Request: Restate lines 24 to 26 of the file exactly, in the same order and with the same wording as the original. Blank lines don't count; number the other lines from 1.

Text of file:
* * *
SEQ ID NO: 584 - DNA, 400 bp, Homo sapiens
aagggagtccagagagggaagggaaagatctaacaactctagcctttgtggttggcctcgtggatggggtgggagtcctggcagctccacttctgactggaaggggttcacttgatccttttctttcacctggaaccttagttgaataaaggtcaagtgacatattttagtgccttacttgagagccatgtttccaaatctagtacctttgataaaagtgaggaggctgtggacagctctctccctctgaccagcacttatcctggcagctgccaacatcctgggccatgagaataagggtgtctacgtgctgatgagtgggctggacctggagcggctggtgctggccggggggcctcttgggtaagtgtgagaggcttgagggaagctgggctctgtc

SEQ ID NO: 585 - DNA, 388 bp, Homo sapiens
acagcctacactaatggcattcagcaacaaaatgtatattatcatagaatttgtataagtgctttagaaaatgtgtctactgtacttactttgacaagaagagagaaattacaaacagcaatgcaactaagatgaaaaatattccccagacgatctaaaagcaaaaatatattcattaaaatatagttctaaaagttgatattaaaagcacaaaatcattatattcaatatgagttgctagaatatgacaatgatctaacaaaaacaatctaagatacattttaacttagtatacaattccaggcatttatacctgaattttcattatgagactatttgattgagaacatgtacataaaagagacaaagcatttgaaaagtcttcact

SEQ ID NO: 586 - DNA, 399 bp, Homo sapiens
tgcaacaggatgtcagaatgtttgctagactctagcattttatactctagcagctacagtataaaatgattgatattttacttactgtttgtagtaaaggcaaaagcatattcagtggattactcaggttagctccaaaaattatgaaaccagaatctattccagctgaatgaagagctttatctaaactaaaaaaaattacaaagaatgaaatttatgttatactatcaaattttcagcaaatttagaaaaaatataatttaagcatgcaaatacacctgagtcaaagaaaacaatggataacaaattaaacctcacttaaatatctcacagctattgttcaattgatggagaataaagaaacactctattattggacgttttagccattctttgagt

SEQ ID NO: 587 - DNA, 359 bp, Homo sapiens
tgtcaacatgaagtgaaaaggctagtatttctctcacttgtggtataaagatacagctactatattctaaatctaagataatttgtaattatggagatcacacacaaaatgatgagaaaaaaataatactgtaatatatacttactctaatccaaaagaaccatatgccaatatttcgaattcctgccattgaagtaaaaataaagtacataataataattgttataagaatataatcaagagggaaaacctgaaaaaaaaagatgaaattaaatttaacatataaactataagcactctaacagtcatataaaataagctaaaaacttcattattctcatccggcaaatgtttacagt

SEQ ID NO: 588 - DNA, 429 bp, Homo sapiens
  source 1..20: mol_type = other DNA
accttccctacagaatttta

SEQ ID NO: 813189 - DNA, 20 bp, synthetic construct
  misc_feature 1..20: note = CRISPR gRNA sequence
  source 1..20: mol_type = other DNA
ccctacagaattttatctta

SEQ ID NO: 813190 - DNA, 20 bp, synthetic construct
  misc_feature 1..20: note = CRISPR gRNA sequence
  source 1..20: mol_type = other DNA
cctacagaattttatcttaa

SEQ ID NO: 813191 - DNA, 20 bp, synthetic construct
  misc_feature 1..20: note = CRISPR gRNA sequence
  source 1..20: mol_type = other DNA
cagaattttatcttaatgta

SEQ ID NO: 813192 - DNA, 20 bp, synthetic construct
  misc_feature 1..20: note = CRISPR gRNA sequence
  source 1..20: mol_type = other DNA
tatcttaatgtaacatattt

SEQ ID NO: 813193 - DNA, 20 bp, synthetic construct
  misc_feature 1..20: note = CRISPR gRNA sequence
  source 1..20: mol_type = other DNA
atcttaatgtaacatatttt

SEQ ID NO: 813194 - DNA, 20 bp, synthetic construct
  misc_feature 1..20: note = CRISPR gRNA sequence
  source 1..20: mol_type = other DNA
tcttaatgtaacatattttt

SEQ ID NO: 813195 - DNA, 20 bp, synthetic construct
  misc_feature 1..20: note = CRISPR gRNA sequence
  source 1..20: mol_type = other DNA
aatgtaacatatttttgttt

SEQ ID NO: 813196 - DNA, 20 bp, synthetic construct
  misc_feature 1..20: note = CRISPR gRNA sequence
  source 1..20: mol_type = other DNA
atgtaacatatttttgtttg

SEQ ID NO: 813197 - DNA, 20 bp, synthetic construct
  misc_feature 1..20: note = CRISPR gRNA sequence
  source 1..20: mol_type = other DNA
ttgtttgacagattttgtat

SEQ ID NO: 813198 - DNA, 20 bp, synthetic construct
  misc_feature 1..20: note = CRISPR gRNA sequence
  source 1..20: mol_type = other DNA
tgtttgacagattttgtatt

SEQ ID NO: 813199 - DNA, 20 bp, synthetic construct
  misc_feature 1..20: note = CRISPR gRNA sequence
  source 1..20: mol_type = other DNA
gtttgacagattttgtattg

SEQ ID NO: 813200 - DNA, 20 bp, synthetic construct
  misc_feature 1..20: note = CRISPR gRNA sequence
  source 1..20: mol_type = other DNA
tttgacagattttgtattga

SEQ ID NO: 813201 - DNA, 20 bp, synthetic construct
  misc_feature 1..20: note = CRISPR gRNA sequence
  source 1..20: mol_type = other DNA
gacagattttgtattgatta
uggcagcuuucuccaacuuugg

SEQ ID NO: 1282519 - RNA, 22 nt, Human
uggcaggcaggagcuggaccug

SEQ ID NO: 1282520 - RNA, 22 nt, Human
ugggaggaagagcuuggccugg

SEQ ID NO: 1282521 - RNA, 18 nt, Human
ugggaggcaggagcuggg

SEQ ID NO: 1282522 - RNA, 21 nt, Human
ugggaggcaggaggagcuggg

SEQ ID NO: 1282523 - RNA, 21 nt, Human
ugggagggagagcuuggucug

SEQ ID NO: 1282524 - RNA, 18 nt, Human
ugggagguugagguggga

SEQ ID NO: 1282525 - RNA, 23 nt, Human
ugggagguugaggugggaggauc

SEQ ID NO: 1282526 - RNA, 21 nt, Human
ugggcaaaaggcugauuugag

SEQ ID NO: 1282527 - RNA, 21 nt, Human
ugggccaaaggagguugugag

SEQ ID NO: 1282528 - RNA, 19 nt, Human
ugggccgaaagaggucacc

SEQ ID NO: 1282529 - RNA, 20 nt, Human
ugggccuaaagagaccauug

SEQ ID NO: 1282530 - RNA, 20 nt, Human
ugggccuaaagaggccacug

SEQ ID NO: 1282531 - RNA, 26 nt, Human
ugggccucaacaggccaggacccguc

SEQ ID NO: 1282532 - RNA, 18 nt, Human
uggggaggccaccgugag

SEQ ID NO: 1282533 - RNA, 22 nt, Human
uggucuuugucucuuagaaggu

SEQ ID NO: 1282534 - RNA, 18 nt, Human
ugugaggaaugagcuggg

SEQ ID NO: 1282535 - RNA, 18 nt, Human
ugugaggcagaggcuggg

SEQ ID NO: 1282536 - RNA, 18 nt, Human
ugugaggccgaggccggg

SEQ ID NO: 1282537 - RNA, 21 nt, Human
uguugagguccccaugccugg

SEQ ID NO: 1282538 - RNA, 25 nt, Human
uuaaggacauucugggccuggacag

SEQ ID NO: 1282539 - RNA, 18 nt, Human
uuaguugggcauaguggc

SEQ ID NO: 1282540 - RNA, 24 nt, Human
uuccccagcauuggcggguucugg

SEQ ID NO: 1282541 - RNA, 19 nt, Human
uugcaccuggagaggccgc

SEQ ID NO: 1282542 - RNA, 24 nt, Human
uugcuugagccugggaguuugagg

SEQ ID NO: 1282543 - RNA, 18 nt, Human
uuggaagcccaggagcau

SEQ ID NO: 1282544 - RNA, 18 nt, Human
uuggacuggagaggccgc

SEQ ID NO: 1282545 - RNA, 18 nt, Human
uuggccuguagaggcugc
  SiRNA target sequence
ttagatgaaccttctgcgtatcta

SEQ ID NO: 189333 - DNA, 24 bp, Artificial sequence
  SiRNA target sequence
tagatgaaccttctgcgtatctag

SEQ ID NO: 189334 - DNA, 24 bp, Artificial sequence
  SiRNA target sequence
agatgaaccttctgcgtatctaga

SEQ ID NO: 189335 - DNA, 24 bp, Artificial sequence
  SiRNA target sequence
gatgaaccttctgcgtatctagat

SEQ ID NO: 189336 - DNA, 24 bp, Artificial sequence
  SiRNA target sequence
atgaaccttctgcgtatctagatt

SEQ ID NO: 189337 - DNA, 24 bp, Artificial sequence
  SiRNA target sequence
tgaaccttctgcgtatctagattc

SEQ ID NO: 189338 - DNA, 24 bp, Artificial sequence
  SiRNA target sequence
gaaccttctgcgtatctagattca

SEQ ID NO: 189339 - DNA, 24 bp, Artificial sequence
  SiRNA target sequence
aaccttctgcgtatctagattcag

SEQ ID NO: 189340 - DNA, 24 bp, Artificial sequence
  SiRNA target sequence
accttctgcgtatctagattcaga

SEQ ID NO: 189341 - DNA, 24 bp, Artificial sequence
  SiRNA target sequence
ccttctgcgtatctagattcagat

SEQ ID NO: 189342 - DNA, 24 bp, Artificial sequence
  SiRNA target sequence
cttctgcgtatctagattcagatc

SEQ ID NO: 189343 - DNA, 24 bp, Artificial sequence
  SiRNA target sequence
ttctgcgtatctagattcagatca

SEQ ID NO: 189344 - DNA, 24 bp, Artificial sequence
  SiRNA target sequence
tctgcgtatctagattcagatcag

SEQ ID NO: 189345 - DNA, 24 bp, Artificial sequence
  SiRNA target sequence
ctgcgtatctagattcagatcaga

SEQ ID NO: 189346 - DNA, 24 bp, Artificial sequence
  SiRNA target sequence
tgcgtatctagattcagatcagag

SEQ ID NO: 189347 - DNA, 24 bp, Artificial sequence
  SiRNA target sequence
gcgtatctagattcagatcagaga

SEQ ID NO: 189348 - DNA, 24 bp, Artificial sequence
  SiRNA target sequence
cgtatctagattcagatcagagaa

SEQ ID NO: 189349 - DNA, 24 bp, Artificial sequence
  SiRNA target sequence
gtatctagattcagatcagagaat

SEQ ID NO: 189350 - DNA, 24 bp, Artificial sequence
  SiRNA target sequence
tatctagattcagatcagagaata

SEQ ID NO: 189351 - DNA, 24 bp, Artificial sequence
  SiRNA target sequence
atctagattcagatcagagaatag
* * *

SEQ ID NO: 813192 - DNA, 20 bp, synthetic construct
  misc_feature 1..20: note = CRISPR gRNA sequence
  source 1..20: mol_type = other DNA